Public health programmes are traditionally evaluated in terms of their structures and processes since these can be assessed rapidly and can quickly provide answers to programme managers. However, only the evaluation of results can identify any changes in the morbidity and/or mortality rates in the population covered by the programme and. associate programme actions with the observed changes (1-3).
The evaluation of results requires the use of epidemiological methods and, of the various designs, quasi-experimental studies are the method of choice for health impact evaluation (3, 4). Such studies have the following major advantages:
-- they can be carried out by the health agency using data collected by the health programme;
-- they can be used to conduct large studies at reasonable cost;
-- they are ethical since they can be implemented together with the health programme; and
-- occasionally they may be the only available alternative.
On the other hand, the lack of randomization that characterizes a quasi-experimental study means that investigators have less control over the influence of possible confounding factors (4).
We have developed a quasi-experimental model to evaluate the impact of the actions of the Brazilian Chagas Disease Control Programme on the incidence of this condition. The activities of the programme --house spraying with insecticide--are aimed at controlling the triatomine bug, intermediate host of Trypanosoma cruzi, the etiological agent of Chagas disease. Evaluation of the programme has been based on entomological indicators, i.e., the elimination of triatomine populations. However, in addition to entomological indicators, vector control programmes should include serological and clinical evaluations to determine the effectiveness of their activities and to measure the duration of their effect and hence gauge the frequency of application of specific measures (5).
In order of evaluate the efficacy of the control programme, we compared the incidence of Chagas disease estimated using serological tests with the incidence of the disease among children born after the start of the intervention activities in areas with the same or different intervention times; and compared the results observed in the present study with those of the Brazilian Chagas Disease Serological Survey conducted 10 years previously.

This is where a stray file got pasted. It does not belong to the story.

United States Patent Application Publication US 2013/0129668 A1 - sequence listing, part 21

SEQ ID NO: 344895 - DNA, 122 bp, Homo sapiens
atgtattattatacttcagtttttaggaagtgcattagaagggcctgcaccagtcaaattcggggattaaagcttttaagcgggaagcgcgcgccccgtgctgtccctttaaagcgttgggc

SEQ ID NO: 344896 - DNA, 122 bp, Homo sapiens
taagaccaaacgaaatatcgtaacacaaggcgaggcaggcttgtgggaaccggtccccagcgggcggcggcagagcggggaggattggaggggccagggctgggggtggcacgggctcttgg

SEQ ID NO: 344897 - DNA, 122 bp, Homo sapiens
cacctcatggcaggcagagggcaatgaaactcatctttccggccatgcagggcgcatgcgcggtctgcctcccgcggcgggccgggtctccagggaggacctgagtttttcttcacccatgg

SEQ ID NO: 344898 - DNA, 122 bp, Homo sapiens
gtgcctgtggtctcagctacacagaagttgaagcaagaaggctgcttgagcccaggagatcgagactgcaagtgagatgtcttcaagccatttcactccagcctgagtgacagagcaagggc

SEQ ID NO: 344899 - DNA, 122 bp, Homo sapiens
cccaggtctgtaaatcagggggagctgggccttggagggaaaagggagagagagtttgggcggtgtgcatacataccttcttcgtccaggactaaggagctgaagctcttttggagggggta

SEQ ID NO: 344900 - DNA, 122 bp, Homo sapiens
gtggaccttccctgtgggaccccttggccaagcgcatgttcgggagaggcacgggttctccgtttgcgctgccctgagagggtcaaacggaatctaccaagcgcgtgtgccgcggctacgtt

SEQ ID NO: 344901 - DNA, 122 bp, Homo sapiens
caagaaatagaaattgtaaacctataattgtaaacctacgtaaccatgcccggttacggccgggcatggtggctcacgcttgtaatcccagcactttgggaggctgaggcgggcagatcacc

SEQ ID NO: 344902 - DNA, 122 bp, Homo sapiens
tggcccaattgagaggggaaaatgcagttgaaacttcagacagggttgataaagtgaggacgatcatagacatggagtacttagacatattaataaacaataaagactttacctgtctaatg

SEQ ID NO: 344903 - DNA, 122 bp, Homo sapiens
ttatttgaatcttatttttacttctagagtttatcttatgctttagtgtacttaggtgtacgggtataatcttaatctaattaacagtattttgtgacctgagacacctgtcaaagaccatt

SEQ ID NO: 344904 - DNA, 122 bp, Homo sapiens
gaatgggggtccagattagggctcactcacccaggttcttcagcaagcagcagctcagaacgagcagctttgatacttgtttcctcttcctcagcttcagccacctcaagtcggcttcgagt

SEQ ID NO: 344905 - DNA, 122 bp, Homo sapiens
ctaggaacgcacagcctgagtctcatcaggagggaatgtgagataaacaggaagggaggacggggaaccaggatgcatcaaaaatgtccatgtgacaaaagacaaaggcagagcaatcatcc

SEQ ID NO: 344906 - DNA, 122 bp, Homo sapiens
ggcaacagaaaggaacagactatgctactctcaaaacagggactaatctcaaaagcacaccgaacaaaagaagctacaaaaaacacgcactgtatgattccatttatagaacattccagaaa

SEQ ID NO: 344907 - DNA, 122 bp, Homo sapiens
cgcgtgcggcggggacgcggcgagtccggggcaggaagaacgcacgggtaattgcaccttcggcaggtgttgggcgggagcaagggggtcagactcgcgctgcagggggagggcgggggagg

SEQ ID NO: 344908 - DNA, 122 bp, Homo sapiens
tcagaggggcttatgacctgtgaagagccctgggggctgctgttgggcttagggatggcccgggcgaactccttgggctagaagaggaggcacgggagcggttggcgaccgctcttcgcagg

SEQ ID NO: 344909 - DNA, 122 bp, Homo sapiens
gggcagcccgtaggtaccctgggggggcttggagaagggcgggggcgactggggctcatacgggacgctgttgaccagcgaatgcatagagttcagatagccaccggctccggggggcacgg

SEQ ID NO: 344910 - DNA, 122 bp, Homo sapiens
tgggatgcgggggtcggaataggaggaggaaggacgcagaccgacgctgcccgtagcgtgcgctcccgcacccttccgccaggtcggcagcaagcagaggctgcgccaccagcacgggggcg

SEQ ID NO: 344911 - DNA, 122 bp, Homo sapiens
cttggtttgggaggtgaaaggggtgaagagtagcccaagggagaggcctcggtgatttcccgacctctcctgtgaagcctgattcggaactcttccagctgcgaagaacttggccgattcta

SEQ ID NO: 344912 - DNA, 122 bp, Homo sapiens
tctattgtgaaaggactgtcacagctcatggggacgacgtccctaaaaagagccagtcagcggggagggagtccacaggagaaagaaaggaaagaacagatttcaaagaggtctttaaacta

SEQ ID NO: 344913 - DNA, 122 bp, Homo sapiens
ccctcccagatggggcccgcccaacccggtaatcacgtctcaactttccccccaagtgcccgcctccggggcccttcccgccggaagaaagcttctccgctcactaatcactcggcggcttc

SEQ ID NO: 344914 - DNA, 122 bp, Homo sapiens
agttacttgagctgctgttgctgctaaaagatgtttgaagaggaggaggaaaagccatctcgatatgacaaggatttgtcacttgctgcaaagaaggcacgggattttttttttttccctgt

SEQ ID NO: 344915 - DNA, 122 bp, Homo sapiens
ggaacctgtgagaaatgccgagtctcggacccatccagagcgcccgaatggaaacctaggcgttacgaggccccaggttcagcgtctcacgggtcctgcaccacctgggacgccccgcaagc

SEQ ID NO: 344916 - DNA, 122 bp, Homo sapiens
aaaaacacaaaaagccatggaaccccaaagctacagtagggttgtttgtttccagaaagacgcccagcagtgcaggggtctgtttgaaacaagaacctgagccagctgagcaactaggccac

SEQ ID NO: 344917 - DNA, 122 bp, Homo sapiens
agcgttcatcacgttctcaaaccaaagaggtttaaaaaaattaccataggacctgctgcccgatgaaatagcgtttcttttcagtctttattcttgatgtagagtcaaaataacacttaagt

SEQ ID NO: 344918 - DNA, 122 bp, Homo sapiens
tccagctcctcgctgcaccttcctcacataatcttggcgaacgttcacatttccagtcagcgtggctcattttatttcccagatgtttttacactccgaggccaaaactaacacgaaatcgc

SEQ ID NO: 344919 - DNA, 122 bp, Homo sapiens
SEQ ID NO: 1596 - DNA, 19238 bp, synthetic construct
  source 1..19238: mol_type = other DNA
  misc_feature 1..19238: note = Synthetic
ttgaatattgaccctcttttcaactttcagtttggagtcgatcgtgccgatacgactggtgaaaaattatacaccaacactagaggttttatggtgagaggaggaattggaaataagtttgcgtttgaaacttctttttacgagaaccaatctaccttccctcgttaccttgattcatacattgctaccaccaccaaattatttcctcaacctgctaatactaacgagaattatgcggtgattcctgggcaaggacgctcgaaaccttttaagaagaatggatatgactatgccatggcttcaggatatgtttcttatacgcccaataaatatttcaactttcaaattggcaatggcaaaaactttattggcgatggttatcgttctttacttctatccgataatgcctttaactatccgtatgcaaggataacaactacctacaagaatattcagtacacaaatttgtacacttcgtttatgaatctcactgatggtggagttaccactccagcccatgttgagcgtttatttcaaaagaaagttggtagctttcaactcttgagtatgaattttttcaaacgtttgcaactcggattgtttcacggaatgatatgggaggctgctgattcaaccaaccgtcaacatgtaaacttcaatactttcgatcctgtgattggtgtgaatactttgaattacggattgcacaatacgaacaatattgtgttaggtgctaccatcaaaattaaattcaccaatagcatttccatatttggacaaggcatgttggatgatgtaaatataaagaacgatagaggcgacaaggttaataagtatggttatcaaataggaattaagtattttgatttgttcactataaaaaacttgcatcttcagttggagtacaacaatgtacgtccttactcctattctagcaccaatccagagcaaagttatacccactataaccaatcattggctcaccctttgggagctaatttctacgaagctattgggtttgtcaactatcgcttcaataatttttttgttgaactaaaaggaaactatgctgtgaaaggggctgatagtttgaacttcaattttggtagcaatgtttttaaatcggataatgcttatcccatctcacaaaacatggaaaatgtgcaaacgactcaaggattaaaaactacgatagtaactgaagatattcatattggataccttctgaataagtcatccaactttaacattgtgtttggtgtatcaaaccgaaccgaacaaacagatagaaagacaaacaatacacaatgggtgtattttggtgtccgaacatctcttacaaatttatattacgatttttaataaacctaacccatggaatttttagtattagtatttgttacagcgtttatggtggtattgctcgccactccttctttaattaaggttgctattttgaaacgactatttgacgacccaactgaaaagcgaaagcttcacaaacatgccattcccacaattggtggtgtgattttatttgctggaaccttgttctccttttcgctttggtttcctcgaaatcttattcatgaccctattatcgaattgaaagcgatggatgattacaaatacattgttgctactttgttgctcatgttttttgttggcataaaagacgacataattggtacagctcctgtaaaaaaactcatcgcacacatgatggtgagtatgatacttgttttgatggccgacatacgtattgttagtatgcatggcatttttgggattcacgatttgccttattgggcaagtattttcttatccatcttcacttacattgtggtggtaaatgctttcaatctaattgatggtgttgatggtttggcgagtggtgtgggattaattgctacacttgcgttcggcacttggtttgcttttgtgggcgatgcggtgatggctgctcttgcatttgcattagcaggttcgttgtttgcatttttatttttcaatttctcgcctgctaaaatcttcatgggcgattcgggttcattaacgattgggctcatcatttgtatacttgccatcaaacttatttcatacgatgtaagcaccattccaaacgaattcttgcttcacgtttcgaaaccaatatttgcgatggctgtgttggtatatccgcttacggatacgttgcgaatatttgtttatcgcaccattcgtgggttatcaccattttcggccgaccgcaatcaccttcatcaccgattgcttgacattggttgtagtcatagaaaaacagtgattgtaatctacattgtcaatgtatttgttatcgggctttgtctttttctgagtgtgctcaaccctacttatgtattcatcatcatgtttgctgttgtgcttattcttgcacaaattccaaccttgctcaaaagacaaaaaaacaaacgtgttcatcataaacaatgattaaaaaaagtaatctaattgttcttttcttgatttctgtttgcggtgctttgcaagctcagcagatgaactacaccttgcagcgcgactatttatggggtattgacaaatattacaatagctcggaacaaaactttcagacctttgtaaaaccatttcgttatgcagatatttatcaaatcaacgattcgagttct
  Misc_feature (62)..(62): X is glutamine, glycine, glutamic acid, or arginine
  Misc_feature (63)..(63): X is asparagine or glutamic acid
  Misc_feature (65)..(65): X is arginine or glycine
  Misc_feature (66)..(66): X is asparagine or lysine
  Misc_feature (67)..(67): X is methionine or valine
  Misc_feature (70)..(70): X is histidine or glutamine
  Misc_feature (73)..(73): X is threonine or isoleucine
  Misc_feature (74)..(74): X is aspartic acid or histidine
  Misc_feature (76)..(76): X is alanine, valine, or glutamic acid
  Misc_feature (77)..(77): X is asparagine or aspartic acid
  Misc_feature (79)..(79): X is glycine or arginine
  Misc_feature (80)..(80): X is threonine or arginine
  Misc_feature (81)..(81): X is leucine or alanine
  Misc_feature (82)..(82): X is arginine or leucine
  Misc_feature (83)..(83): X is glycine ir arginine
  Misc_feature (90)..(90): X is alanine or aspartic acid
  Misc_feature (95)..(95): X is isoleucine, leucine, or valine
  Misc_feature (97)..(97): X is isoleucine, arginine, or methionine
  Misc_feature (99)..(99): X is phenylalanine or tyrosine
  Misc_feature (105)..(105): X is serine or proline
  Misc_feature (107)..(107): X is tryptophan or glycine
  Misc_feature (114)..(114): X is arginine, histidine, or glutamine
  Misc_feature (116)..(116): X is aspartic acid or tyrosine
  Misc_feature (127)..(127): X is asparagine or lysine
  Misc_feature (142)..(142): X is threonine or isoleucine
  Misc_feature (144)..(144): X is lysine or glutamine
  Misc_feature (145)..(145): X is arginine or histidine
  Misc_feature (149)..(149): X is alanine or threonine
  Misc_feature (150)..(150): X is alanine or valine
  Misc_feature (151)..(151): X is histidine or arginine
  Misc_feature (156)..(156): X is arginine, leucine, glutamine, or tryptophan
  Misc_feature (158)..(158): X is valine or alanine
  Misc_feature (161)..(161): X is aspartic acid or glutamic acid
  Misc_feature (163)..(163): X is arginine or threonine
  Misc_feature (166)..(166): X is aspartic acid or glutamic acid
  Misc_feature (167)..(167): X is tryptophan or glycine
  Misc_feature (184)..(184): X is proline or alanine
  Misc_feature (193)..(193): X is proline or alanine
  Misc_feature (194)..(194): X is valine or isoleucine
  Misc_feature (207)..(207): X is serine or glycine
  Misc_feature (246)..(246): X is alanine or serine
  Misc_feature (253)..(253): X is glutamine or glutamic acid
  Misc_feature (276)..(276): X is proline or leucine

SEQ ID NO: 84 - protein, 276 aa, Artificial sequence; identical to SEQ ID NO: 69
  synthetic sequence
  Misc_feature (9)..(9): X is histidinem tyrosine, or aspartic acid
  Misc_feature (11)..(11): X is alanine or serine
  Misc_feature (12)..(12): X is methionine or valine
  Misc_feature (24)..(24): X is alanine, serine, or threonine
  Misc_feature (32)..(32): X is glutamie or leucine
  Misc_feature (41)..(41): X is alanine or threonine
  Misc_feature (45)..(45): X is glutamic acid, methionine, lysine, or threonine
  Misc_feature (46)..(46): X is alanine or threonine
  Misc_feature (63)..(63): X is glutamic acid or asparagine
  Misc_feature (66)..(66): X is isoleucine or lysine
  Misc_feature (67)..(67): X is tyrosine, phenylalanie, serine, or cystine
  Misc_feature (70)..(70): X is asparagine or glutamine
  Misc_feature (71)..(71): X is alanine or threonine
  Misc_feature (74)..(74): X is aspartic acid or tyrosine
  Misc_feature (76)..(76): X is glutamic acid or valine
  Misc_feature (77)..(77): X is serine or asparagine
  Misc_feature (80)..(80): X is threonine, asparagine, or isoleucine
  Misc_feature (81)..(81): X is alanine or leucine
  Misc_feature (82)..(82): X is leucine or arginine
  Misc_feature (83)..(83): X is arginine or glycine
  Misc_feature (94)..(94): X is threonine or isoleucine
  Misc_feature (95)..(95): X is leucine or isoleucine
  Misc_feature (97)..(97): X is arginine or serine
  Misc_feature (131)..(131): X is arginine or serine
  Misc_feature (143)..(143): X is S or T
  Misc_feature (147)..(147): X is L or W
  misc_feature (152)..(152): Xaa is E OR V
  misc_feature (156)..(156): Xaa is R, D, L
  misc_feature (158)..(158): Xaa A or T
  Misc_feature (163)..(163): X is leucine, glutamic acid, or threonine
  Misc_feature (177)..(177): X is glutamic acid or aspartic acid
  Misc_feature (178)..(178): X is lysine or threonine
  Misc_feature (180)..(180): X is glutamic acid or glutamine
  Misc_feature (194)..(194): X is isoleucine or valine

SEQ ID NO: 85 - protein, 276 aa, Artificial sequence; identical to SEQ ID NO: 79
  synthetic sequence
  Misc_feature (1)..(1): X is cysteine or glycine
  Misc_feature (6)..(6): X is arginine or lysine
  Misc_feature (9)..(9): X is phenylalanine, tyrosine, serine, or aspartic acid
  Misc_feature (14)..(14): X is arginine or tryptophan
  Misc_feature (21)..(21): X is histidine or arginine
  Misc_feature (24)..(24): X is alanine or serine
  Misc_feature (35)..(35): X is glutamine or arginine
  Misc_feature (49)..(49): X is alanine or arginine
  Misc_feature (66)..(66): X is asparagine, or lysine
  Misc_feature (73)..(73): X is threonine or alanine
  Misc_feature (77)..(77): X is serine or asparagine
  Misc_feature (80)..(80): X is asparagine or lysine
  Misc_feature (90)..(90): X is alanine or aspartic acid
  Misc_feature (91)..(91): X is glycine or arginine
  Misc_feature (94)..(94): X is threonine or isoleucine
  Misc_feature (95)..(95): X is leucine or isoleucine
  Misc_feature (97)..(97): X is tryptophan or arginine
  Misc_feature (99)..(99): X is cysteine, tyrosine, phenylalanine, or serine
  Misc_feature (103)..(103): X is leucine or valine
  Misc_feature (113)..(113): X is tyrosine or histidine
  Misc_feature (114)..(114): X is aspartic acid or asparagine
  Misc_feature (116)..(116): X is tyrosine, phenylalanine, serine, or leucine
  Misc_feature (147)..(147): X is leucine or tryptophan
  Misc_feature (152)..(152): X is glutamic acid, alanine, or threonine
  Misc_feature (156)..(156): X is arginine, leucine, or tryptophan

The evaluation model attempted to use data collected by the health programme whenever possible; provide prompt answers; reduce the programme's operational costs, and be feasible to carry out by the health agency, so that it could be incorporated into the programme routine.
Materials and methods
The investigation was carried out in the rural northern part of Minas Gerais State, in southern Brazil. The three selected counties presented similar economic, social, and cultural characteristics: Triatoma infestans was identified by the control programme as the most frequent domiciliated vector of T. cruzi. These counties were selected because they had been exposed to the Chagas Disease Control Programme activities for different periods of time: 10 years (intervention-10 area); 5 years (intervention-5 area); and without intervention (control area), but with baseline data already collected.
The sample size (n=500 in each county) was estimated assuming that there had been a 50% reduction in T. cruzi infection in the areas under intervention, compared with the results obtained in the national survey (6) for the age group 2-14 years, accepting the following errors: [alpha] = 0.5 and 1-[beta] = 0.90 (7).
The sampling unit was the household, identified through the control programme records. A two-stage sampling scheme was used: (1) a simple random sample of communities within the study counties; and (2) a stratified random sample of houses within each selected community. …